As one of those insufferable dorks inordinately proud of my shopping savvy and my shelf-full of Consumer Reports back issues, I got to thinking about the 10 brands in our consumer wonderland I value most, and why?
I came up with this:
1: Costco … I understand its effect on small liquor, flower and booksellers. But it is a reliably excellent value with superb customer service (have you ever used their Concierge phone service?) and a relaxed in-store atmosphere, thanks no doubt to being staffed with long-term, happy workers. It’s a first-rate big business model. I find it is also a kind of 21st century agora, or Rick’s Cafe. Everybody goes there.
2: Apple … I’m a recent convert, and I kick myself for not switching years earlier. Not only does the hardware run better (and longer without collecting glitches) there is nothing anywhere else on the customer service landscape that compares with the expeditious, patient service provided by AppleCare tech support. A gold standard if there ever was one. And AppleTV … la bomba!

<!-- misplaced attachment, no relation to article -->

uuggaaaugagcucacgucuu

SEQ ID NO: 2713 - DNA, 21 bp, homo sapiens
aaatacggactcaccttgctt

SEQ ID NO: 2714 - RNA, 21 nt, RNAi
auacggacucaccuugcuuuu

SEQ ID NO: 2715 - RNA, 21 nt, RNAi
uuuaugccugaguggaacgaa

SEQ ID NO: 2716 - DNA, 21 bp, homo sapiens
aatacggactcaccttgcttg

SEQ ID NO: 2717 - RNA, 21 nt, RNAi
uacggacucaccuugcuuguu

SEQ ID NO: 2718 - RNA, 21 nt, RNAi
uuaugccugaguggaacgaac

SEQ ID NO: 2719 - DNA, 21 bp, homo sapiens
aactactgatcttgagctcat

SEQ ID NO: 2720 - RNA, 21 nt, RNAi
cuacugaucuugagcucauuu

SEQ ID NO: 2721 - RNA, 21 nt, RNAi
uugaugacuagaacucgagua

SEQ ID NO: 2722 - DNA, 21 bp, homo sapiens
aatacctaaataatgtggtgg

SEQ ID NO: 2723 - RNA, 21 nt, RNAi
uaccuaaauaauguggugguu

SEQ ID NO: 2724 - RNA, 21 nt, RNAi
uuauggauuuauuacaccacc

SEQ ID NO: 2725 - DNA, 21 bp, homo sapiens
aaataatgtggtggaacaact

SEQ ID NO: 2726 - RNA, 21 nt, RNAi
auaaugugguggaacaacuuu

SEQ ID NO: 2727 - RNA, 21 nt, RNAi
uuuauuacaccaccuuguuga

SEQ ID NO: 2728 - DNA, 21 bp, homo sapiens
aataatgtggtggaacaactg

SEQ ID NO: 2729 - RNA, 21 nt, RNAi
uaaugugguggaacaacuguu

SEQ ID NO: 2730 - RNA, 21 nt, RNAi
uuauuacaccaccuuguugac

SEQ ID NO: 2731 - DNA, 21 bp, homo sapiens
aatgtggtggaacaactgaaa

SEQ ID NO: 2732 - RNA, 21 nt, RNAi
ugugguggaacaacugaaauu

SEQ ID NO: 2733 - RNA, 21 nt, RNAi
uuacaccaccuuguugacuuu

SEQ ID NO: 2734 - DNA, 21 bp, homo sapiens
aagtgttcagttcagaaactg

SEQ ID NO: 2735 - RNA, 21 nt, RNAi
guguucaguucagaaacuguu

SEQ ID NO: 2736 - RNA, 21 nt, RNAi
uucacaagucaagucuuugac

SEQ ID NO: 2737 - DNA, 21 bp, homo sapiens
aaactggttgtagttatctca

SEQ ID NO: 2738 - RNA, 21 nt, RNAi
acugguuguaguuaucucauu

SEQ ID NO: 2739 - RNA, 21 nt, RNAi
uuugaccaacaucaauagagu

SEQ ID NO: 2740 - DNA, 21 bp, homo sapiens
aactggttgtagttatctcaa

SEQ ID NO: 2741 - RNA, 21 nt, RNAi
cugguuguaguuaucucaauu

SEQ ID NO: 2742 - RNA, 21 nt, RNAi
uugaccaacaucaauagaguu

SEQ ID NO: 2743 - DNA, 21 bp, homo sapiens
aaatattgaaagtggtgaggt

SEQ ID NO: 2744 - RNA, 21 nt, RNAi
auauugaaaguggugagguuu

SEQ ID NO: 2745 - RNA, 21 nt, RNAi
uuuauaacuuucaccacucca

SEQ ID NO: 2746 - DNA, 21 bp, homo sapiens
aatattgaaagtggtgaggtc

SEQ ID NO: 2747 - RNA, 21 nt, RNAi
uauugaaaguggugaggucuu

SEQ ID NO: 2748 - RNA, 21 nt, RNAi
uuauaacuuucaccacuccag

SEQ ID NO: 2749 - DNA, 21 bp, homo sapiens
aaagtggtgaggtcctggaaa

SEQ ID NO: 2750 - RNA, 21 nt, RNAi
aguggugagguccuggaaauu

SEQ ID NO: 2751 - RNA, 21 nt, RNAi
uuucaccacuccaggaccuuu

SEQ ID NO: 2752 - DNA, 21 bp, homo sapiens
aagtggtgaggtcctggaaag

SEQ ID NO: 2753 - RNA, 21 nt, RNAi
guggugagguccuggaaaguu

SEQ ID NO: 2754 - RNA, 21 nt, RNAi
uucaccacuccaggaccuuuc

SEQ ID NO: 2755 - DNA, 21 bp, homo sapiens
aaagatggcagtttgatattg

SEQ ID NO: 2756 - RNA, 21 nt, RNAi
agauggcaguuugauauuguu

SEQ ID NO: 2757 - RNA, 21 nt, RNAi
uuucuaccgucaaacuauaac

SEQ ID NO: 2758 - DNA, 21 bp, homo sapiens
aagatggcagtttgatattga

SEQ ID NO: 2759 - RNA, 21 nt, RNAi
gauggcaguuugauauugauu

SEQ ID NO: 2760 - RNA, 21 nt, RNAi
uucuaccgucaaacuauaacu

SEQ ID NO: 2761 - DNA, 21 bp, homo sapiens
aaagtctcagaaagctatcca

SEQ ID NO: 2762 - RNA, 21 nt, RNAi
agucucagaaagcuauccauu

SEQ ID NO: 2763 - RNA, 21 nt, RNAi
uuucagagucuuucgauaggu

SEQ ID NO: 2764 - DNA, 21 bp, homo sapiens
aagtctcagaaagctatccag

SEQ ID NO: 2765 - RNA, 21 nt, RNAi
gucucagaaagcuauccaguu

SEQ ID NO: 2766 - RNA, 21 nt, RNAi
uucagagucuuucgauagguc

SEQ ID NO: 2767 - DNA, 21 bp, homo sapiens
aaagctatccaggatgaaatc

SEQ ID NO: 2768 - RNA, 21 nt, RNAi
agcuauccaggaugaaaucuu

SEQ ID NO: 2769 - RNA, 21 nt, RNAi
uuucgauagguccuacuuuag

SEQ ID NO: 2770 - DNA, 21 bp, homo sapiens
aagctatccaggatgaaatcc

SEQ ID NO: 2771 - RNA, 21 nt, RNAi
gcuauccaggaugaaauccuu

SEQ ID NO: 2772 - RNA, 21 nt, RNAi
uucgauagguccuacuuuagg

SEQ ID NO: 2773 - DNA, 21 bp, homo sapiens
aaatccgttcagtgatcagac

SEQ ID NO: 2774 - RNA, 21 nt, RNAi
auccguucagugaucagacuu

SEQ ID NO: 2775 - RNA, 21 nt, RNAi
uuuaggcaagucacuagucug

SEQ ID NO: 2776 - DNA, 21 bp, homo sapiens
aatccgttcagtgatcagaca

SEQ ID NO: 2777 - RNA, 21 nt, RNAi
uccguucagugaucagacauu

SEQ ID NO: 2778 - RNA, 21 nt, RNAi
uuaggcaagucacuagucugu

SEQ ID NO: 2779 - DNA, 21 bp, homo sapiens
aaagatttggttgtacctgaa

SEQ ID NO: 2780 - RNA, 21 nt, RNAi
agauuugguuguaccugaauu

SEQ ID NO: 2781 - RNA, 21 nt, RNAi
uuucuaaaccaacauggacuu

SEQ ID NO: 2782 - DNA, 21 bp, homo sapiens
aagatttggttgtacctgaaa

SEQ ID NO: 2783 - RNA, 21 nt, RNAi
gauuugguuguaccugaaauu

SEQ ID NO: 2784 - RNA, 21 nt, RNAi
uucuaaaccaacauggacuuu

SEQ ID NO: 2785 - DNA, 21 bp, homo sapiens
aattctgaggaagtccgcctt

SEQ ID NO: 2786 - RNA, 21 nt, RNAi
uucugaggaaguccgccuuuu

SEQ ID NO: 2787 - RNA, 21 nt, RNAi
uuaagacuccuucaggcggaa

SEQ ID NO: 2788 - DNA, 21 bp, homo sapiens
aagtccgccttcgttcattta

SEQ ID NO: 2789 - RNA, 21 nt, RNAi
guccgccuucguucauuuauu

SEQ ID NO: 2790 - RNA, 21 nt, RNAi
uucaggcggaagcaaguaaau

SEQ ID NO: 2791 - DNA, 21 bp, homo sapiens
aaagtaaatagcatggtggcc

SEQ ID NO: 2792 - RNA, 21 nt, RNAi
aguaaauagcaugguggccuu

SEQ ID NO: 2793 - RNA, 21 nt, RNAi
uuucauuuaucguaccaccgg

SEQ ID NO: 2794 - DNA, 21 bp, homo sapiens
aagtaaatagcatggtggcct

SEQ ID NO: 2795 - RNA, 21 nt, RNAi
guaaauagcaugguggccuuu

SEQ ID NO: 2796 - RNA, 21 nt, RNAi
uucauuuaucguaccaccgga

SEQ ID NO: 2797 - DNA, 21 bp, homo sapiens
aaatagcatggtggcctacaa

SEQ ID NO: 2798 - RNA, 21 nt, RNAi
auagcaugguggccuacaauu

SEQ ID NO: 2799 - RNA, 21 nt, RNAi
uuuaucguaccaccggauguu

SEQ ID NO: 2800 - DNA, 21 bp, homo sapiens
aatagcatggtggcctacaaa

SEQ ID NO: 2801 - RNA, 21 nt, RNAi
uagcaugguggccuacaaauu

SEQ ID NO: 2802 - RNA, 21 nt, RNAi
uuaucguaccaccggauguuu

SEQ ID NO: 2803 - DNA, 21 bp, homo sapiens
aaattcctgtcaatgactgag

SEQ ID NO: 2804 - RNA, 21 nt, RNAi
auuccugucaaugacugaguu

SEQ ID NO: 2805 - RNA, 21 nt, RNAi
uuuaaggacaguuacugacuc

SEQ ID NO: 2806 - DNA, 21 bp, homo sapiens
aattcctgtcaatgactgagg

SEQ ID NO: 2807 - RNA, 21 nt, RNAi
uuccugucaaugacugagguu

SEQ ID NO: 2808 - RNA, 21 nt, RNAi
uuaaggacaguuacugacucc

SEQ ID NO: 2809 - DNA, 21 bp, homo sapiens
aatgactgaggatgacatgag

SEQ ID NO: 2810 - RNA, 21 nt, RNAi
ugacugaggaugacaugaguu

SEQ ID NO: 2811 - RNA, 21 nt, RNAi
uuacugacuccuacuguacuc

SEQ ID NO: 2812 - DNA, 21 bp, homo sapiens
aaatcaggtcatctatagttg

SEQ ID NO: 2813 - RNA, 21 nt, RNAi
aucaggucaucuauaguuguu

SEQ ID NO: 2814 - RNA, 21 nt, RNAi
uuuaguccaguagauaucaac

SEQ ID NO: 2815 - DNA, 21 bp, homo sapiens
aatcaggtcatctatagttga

3. Honda … We’re on our second CR-V and third Honda overall. If reliability is a primary criteria, Honda has engineered it in. The vehicles are simple, safe, fuel-efficient and acceptably comfortable. Although I have to say Honda’s dealer service, like all dealers, is absurdly over-priced and to be abandoned the second you’re out of warranty. (Full disclosure: I shopped long and argued hard for a used 6-speed BMW X3, but lost in a 1-to-1 vote with the Mrs.). Damned good lawn mowers and small engines, too. (I drive an Audi — design/interior comfort/immunity to rust/mid-life crisis. It’s my second, and I’m already lusting for a third.)